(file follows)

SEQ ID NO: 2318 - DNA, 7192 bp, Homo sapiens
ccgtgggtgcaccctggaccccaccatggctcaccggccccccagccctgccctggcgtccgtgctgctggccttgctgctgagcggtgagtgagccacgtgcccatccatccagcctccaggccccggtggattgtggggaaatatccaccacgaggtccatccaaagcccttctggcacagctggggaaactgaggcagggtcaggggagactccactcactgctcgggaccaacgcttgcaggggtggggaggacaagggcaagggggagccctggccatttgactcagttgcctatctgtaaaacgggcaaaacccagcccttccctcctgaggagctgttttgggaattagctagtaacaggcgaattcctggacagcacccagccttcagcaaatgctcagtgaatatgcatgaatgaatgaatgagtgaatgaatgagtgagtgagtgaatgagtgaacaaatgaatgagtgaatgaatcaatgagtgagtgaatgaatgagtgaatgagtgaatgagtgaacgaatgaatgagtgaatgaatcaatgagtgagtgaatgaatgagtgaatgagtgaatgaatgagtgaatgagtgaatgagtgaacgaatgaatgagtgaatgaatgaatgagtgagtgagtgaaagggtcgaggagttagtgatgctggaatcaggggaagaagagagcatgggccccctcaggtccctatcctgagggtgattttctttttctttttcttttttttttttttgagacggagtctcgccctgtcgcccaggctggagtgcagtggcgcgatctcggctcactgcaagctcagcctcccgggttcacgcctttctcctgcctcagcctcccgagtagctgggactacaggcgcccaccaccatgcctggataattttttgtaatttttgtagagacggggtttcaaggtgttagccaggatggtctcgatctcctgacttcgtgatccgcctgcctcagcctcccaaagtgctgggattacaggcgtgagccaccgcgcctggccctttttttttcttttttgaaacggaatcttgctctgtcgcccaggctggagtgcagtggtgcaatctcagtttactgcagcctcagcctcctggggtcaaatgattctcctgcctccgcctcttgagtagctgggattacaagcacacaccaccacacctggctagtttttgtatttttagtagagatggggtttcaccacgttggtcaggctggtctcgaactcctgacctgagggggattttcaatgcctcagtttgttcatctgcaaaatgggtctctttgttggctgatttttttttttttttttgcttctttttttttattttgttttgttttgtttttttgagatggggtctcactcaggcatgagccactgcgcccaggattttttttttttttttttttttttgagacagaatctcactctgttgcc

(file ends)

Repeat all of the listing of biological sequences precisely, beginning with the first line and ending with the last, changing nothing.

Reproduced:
SEQ ID NO: 2318 - DNA, 7192 bp, Homo sapiens
ccgtgggtgcaccctggaccccaccatggctcaccggccccccagccctgccctggcgtccgtgctgctggccttgctgctgagcggtgagtgagccacgtgcccatccatccagcctccaggccccggtggattgtggggaaatatccaccacgaggtccatccaaagcccttctggcacagctggggaaactgaggcagggtcaggggagactccactcactgctcgggaccaacgcttgcaggggtggggaggacaagggcaagggggagccctggccatttgactcagttgcctatctgtaaaacgggcaaaacccagcccttccctcctgaggagctgttttgggaattagctagtaacaggcgaattcctggacagcacccagccttcagcaaatgctcagtgaatatgcatgaatgaatgaatgagtgaatgaatgagtgagtgagtgaatgagtgaacaaatgaatgagtgaatgaatcaatgagtgagtgaatgaatgagtgaatgagtgaatgagtgaacgaatgaatgagtgaatgaatcaatgagtgagtgaatgaatgagtgaatgagtgaatgaatgagtgaatgagtgaatgagtgaacgaatgaatgagtgaatgaatgaatgagtgagtgagtgaaagggtcgaggagttagtgatgctggaatcaggggaagaagagagcatgggccccctcaggtccctatcctgagggtgattttctttttctttttcttttttttttttttgagacggagtctcgccctgtcgcccaggctggagtgcagtggcgcgatctcggctcactgcaagctcagcctcccgggttcacgcctttctcctgcctcagcctcccgagtagctgggactacaggcgcccaccaccatgcctggataattttttgtaatttttgtagagacggggtttcaaggtgttagccaggatggtctcgatctcctgacttcgtgatccgcctgcctcagcctcccaaagtgctgggattacaggcgtgagccaccgcgcctggccctttttttttcttttttgaaacggaatcttgctctgtcgcccaggctggagtgcagtggtgcaatctcagtttactgcagcctcagcctcctggggtcaaatgattctcctgcctccgcctcttgagtagctgggattacaagcacacaccaccacacctggctagtttttgtatttttagtagagatggggtttcaccacgttggtcaggctggtctcgaactcctgacctgagggggattttcaatgcctcagtttgttcatctgcaaaatgggtctctttgttggctgatttttttttttttttttgcttctttttttttattttgttttgttttgtttttttgagatggggtctcactcaggcatgagccactgcgcccaggattttttttttttttttttttttttgagacagaatctcactctgttgcc